(3) There seems to be divergence of judicial opinion on this point.' High Courts of Himachal Pradesh, Gujarat and Patna have taken the view that if a plaint is allowed to be amended after the filing of the w/s by the defendant, the additional w/s that may be filed by the defendant after the amendment of the plaint should be confined and limited to the amended portion of the plaint only, and the defendant cannot, in the garb of replying to the amended portion of the plaint, be allowed to amend his own original w/s without seeking permission of the Court for amending it as required u/O. 6 R. 17 of the Code. Reference in this context may be made to Dittu Ram v. Amar Chand, , Sawan Singh v. Radha Kishan, , Thakkar Babulal Dayashanker v. Metha Kalwam, : AIR1978Guj94 , and Ramyadik Singh v. Sahjada Singh (1970) 18 Bljr 987. On the other hand the Punjab High Court has held that :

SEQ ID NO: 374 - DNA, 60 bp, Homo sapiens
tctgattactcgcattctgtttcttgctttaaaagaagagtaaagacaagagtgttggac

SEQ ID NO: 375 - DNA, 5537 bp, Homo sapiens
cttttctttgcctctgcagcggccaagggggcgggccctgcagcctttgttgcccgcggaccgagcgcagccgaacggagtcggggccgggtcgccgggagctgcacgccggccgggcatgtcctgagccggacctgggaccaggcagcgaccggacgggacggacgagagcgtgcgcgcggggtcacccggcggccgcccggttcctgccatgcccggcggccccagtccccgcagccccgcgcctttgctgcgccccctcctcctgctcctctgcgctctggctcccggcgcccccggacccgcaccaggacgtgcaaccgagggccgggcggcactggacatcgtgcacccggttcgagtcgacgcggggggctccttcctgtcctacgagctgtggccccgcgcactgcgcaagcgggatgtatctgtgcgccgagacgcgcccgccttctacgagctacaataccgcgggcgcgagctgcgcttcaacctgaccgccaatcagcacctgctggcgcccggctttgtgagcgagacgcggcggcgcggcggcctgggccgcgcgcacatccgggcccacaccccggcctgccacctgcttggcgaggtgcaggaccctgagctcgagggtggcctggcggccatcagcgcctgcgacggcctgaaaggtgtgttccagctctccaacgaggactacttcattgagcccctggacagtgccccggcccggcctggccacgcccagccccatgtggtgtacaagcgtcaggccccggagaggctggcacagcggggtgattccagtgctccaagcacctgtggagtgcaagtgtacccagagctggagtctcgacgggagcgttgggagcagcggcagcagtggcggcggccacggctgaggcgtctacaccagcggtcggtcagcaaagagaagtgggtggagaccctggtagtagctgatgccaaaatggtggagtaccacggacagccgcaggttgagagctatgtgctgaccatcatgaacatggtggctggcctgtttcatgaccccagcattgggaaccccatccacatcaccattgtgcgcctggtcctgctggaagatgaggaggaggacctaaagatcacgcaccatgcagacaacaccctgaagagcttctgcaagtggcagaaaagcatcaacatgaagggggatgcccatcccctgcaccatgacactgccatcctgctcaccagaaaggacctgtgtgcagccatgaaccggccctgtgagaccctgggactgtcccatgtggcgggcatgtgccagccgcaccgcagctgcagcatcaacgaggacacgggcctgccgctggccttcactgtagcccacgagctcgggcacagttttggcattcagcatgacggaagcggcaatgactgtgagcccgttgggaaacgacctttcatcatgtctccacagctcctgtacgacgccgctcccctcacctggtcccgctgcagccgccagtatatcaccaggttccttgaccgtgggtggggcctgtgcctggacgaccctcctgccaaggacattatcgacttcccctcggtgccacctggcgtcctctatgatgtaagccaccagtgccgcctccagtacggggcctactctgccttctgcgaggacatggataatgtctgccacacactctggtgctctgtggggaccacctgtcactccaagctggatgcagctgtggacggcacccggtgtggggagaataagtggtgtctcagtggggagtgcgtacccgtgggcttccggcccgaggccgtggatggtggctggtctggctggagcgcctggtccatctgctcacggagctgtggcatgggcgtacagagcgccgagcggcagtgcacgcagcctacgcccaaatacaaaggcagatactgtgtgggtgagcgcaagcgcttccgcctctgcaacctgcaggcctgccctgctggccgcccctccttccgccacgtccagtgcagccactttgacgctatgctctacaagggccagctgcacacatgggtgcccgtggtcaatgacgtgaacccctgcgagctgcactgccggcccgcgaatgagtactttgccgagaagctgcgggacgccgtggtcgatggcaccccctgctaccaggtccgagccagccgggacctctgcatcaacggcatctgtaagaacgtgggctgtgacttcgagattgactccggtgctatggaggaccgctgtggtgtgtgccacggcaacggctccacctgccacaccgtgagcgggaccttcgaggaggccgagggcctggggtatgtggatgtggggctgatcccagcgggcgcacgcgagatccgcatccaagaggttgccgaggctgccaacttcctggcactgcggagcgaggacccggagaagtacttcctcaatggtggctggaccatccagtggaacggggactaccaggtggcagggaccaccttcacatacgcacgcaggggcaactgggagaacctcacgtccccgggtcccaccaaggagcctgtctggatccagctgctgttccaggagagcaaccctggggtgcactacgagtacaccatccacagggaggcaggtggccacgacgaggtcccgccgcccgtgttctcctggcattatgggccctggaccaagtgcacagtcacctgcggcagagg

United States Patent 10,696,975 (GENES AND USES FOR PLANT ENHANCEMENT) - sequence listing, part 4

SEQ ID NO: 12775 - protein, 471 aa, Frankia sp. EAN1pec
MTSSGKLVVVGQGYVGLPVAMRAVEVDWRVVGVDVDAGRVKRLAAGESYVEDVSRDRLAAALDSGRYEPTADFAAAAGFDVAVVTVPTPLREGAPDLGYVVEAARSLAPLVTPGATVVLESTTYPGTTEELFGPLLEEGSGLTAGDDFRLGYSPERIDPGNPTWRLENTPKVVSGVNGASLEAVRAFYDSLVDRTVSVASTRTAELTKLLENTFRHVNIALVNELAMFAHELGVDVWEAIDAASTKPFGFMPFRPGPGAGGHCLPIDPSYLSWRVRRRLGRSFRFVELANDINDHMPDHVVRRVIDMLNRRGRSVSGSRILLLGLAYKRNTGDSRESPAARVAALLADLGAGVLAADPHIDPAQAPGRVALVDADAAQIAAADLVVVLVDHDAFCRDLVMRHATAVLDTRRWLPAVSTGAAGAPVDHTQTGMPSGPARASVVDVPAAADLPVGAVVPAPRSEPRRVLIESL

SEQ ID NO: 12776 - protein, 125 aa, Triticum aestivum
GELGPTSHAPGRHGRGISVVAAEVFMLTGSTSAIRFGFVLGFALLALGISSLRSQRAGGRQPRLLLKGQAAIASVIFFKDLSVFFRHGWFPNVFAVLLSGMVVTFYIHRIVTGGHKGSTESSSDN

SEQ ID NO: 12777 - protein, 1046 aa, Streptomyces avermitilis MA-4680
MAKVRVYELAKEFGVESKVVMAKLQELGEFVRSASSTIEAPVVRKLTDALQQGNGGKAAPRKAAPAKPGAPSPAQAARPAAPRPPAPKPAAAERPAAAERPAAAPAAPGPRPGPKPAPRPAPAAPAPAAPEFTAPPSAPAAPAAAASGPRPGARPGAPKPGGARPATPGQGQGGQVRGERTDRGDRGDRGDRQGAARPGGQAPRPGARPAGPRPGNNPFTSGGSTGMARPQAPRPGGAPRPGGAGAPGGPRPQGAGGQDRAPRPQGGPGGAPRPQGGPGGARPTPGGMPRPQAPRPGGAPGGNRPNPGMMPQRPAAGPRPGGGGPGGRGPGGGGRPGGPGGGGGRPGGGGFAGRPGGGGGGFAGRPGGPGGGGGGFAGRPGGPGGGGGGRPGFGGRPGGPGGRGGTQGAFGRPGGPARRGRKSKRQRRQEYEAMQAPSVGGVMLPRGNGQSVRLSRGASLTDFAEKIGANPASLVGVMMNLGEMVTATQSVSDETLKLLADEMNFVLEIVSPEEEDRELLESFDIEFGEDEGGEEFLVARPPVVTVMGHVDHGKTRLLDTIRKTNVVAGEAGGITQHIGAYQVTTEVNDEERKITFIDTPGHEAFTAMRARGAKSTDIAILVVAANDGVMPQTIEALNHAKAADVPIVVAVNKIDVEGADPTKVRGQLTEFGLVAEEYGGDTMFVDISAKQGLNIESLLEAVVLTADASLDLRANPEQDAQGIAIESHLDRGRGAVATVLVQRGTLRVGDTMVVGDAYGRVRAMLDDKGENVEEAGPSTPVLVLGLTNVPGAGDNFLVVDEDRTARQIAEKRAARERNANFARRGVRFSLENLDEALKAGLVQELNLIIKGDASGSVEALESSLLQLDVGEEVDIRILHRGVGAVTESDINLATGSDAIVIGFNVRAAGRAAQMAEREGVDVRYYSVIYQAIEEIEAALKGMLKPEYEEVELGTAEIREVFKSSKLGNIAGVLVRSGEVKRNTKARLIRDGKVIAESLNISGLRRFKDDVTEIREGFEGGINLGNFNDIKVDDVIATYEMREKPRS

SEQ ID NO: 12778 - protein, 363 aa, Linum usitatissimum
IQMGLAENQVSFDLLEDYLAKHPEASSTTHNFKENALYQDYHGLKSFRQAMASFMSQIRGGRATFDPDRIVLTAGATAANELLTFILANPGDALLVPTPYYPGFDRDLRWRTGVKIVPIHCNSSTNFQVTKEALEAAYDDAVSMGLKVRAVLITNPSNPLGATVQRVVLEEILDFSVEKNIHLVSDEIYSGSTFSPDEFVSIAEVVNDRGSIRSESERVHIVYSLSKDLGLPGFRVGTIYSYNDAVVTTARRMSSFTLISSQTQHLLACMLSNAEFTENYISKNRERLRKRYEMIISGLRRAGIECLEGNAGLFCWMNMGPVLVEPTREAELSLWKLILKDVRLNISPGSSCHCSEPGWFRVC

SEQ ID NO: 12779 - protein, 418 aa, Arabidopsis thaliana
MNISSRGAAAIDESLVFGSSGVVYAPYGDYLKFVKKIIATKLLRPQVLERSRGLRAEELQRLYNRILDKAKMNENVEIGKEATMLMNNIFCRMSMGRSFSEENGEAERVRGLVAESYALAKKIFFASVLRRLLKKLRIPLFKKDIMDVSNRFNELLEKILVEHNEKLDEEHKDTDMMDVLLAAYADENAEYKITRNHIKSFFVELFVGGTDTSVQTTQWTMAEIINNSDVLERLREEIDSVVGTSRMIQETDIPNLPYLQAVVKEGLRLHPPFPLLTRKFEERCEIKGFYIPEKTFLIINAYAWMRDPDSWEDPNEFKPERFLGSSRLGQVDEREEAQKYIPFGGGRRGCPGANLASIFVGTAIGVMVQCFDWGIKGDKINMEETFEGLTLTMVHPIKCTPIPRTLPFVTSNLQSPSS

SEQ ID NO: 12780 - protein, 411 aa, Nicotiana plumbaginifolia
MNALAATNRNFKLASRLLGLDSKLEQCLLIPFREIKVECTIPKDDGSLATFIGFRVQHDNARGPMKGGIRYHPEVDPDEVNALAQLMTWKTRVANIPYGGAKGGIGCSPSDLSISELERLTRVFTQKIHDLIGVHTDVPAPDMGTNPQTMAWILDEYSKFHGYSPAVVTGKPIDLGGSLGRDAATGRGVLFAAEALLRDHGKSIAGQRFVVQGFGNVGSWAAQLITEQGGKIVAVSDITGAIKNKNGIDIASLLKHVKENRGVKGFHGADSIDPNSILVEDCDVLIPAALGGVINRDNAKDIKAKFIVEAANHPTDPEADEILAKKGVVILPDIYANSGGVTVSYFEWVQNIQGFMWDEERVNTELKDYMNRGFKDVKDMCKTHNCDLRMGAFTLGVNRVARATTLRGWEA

'There is no rule of law, statutory or otherwise, which restricts or limits the defen dant when he is called upon to file a written statement to an amended plaint, to contest the plaintiff's claim, to any particular pleas. The general scheme of the Civil Procedure Code and the policy under-lying the law of pleadings does not suggest that the new written statement should be confined and restricted to the amended portion of the plaint and should not contain any other additional plea. The question does not appear, strictly speaking, to be one of amendment of the first written statement which could only be effected with the permission of the court; it really pertains more to the right of the defendant to contest the suit as made out in the amended plaint read as a whole.'